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When it comes to the Trump administration’s priority to reskill or upskill the federal workforce, the best place to start in understanding the uphill challenge is with the numbers.
A Federal News Radio special report in May found more than 45 percent of the federal workforce is more than 50 years old and 25 percent of them are more than 55 years old. Conversely, just six percent of feds are under 30 years old.
But numbers, as is usually the case, don’t tell the entire story.
Nearly every job in the public and private sectors tries to answer the continuous question of how to evolve as new technology impacts the routine and complex parts of your day.
Basically what this means is agencies — and let me emphasize the private sector as well — have hundreds of thousands of employees who will need new skills or will need to change the way they do work over the next three to five years.
“Our data analysis found that 1.3 billion out of 4.3 billion hours could be freed up in the federal workforce by automating manual tasks. That is a lot of potential hours that could be moved from lower value to higher value activities,” said Bill Eggers, the director of public sector research for Deloitte Service. “A good portion of these higher value activities might require a certain amount of reskilling/upskilling. If you assume about 2,087 hours worked per federal employee annually, then you see a large number of employees (in the hundreds of thousands) could eventually require some updating of their skills as they move to higher value activities and under-resourced jobs like cybersecurity and data science. But that’s no different than nearly every organization, public or private, as we enter this new age of work.”
In the President’s Management Agenda, the administration estimates based on 2016 data that 45 percent of all work could be automated and 5 percent of all occupations could be automated entirely.
Now the reason why this workforce discussion is coming up today is the Office of Management and Budget had another one of their “secret” no press allowed events — well, except for one member of the media who moderated a panel in the morning, but that’s for a different story — where they wanted to discuss potential solutions to this ongoing workforce challenge.
Unlike the no-press-allowed event held a few weeks ago around the Technology Modernization Fund, OMB, to their credit, provided some details and background on the discussion points.
An OMB spokesman said the symposium brought in “leading industry experts from around the country to participate in a day-long working session to share best practices and identify concrete next steps for action. Leveraging representatives from diverse organizations with deep, cross-functional expertise in human resource issues, we hope to gain policy ideas and also identify capabilities to help modernize a Federal Workforce for the 21st Century.”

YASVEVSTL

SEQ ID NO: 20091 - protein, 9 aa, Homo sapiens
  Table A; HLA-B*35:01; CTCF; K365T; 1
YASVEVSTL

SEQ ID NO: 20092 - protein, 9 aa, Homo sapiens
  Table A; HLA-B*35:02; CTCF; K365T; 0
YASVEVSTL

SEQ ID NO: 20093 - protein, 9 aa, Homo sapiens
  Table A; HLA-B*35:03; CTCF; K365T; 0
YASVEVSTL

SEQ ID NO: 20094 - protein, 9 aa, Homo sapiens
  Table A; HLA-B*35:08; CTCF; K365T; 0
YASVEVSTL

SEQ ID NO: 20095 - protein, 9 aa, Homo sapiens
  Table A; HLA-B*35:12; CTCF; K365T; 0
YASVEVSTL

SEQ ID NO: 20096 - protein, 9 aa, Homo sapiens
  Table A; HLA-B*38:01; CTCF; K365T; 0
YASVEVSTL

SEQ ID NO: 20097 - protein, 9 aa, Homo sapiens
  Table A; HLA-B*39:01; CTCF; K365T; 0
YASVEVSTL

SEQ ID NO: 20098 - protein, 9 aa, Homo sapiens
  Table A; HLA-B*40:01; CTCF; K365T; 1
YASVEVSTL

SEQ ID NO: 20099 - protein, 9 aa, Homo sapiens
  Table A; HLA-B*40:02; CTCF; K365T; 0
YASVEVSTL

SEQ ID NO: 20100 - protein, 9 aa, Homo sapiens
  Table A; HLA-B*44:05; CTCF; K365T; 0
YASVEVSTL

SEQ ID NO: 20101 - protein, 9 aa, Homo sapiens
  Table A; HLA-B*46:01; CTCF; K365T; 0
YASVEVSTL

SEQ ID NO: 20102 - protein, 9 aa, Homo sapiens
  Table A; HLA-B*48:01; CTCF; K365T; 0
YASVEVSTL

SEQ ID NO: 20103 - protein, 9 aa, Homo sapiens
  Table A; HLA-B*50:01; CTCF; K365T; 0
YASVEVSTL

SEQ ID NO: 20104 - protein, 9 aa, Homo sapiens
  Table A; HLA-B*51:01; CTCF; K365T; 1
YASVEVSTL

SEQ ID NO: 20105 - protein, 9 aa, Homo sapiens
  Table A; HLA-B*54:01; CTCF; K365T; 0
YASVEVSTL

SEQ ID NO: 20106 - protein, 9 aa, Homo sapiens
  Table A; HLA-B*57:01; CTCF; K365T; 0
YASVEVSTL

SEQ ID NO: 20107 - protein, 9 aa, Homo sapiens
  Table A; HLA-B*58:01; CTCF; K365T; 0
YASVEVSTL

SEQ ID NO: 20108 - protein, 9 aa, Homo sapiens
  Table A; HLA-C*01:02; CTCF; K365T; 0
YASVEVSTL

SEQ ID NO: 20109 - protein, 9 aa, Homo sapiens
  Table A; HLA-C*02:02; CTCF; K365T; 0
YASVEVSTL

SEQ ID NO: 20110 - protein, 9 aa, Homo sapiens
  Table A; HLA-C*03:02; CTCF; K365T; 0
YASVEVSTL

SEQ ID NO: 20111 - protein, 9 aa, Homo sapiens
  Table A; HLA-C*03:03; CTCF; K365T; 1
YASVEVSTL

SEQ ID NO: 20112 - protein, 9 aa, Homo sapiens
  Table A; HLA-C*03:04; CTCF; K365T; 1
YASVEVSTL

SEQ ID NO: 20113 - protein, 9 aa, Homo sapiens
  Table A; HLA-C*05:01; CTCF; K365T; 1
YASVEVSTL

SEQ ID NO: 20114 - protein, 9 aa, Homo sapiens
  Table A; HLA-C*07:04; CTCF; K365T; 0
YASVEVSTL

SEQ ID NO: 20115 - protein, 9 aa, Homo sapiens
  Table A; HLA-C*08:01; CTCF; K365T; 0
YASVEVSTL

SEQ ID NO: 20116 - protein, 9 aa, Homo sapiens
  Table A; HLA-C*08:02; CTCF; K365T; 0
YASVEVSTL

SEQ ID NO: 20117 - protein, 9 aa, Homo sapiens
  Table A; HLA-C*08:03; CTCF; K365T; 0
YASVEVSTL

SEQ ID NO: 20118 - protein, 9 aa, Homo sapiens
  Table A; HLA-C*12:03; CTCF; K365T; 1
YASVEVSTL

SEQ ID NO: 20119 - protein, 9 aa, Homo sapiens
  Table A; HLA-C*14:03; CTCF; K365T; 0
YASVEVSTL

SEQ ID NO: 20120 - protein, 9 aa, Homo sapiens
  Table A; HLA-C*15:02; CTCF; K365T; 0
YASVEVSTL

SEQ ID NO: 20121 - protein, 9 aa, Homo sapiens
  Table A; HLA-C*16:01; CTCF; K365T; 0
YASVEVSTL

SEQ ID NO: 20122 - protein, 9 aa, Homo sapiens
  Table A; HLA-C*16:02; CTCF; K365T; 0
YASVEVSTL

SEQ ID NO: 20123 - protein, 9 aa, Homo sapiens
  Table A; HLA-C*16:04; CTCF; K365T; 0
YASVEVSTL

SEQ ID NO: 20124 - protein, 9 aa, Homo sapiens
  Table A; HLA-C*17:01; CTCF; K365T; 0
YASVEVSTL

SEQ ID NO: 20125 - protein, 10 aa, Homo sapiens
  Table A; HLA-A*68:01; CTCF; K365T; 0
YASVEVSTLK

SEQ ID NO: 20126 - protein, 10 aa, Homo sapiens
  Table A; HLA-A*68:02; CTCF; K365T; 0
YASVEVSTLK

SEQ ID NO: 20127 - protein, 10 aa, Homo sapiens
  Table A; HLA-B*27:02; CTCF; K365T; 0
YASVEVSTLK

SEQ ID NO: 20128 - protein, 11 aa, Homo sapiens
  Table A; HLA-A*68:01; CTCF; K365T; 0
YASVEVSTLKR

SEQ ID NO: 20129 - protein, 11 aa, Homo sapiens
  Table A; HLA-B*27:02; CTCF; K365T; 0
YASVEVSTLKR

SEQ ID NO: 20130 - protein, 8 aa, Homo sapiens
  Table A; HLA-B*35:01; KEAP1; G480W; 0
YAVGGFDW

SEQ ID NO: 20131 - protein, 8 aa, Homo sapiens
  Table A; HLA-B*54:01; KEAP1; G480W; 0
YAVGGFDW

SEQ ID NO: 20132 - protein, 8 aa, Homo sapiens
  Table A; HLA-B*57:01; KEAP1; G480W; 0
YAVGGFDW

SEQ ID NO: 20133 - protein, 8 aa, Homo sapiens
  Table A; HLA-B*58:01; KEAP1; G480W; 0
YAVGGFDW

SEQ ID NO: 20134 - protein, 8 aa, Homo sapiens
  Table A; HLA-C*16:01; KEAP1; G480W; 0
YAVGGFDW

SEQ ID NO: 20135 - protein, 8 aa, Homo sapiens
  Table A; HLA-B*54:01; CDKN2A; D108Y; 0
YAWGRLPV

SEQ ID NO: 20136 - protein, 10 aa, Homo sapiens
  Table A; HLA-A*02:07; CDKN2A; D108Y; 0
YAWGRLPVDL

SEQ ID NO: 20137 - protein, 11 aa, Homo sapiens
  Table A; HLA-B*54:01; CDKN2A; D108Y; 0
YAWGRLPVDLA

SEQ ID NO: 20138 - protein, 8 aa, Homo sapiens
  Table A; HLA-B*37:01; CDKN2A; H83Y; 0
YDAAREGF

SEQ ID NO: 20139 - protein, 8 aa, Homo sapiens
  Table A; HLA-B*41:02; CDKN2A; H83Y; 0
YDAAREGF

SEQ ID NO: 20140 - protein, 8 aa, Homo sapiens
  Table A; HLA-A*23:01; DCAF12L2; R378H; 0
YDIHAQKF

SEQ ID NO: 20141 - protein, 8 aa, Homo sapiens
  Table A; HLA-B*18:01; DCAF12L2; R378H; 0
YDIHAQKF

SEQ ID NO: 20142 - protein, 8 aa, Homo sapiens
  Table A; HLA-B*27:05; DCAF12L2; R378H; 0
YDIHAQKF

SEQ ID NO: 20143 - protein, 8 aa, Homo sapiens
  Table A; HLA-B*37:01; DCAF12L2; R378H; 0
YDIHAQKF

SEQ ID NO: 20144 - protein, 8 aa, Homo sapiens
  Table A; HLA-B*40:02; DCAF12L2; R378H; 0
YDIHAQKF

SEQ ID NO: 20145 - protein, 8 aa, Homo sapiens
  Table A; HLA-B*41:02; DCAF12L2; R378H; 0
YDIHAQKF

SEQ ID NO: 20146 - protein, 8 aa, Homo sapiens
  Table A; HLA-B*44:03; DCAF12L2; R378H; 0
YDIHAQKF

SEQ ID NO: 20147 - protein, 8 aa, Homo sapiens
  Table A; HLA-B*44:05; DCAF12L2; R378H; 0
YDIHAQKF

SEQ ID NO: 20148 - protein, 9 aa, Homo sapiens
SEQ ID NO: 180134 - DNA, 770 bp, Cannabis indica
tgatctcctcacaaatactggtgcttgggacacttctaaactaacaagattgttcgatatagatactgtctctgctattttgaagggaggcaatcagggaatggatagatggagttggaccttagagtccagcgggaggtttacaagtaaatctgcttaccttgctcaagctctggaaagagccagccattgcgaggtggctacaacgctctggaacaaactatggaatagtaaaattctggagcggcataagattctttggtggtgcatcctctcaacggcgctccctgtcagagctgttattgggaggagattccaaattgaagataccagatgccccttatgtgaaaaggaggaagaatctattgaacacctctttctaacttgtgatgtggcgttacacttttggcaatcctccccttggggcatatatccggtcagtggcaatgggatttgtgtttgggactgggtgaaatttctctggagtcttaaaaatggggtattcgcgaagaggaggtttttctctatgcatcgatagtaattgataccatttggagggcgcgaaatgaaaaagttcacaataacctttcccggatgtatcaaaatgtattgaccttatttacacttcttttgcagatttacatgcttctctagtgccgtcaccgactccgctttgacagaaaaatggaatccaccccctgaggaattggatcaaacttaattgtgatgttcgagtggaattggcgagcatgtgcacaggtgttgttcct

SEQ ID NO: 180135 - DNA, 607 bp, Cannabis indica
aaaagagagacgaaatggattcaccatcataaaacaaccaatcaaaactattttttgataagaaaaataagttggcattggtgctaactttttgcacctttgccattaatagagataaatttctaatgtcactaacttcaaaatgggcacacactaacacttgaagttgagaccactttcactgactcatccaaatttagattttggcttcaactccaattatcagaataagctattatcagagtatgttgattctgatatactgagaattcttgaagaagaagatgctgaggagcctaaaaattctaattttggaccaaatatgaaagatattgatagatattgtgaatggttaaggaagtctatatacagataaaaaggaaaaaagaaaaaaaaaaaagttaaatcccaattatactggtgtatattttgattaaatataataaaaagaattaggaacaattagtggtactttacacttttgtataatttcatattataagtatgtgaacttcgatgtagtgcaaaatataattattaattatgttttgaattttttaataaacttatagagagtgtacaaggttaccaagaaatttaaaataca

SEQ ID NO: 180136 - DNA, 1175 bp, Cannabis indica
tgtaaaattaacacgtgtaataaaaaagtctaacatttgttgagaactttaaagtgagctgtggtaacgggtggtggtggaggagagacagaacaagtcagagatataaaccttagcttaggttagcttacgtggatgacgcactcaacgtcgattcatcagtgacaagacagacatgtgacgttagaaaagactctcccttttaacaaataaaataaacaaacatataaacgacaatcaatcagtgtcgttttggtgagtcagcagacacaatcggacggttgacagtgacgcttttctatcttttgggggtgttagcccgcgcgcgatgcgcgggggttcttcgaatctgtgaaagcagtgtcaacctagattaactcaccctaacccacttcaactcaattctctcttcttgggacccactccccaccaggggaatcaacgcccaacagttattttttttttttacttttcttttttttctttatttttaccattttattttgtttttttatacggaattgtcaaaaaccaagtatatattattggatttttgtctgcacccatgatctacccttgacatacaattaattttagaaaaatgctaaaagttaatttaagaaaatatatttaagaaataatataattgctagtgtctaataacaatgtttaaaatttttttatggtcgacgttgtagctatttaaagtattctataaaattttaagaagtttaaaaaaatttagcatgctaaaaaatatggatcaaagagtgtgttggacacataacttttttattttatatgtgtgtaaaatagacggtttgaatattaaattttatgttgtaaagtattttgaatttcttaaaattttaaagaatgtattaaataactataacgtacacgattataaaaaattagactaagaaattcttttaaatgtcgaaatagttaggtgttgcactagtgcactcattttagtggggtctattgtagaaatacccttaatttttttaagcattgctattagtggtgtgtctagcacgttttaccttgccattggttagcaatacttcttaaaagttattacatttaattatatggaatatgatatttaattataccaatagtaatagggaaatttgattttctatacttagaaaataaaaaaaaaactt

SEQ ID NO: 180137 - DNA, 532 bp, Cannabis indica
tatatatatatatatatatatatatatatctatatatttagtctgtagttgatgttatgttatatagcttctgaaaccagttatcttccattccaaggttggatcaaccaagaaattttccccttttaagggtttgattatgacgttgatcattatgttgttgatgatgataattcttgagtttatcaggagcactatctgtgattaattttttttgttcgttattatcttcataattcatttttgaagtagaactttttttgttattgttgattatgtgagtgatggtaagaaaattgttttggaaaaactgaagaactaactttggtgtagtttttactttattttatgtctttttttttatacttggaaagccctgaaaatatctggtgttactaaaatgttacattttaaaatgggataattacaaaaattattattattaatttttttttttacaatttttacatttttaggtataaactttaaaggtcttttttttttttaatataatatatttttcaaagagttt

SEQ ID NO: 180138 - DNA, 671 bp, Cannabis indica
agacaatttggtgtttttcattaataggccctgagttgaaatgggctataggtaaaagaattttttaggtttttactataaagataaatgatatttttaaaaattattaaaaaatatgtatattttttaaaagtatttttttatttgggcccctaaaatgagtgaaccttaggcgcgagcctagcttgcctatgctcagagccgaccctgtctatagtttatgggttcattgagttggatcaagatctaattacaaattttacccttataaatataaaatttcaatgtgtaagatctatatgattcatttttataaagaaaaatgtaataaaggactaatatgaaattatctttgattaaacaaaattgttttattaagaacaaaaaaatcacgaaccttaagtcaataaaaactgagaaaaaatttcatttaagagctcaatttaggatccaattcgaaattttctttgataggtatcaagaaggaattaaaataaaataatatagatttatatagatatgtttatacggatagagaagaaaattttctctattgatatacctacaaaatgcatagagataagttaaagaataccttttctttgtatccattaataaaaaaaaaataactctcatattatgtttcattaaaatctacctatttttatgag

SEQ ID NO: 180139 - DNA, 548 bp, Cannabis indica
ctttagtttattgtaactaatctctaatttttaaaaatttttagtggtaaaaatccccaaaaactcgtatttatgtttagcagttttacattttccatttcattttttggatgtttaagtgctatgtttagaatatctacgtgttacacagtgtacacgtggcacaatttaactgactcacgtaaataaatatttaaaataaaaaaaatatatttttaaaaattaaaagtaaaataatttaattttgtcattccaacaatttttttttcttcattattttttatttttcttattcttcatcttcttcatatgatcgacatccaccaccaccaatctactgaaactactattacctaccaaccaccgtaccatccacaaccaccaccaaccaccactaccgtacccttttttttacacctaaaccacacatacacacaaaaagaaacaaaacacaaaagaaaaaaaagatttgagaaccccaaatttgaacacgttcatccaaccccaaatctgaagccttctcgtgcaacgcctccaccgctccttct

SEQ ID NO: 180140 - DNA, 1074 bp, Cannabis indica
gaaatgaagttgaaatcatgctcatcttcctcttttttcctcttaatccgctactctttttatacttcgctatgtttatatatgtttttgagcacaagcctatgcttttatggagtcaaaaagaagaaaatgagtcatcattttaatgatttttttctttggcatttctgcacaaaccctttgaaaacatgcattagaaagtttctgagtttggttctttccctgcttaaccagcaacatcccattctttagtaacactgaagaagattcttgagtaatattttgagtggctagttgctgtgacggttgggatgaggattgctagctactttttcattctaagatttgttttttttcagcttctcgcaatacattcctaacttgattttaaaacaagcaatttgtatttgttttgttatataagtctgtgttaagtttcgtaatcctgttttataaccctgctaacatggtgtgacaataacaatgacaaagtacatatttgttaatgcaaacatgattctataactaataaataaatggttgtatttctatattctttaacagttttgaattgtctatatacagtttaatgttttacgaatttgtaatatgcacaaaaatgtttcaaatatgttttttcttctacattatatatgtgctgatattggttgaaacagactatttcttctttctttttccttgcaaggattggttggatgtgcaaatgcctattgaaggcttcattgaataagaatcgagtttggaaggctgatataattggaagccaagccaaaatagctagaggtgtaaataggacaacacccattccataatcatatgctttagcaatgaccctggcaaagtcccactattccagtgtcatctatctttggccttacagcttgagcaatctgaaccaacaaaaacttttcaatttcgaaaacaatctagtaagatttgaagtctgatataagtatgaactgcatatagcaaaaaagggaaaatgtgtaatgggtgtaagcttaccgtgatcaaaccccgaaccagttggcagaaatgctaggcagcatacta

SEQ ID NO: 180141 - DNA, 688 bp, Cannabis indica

But I decided to go a bit further and talk to people who actually attended the morning and afternoon sessions. All participants spoke on the condition of anonymity because OMB asked the event be “on background.”
OMB held nonpartisan discussions
Overall, the five people I spoke with all were complementary and enthusiastic about the sessions. All said the tenor and tone of the conversations were nonpartisan and focused on learning and sharing. The day-long event seemed also to be part of OMB’s preparation to launch the Government Effectiveness Advanced Research (GEAR) Center in 2019.
“Everyone is dealing with [the] same challenges around their workforces. There is a lot of anxiety in the workforce around artificial intelligence and robotics so how do we engage employees in that process so they don’t have a negative reaction to the technology?” said one industry source. “How can we partner with them to better understand how to make work more productive? They want to move up value change and technology can help, but if they are not engaged in the process, there is a risk that they may not adopt and embrace the technology like they should.”
Another industry official added the emerging technologies, employee expectations and cost pressures are driving these changes.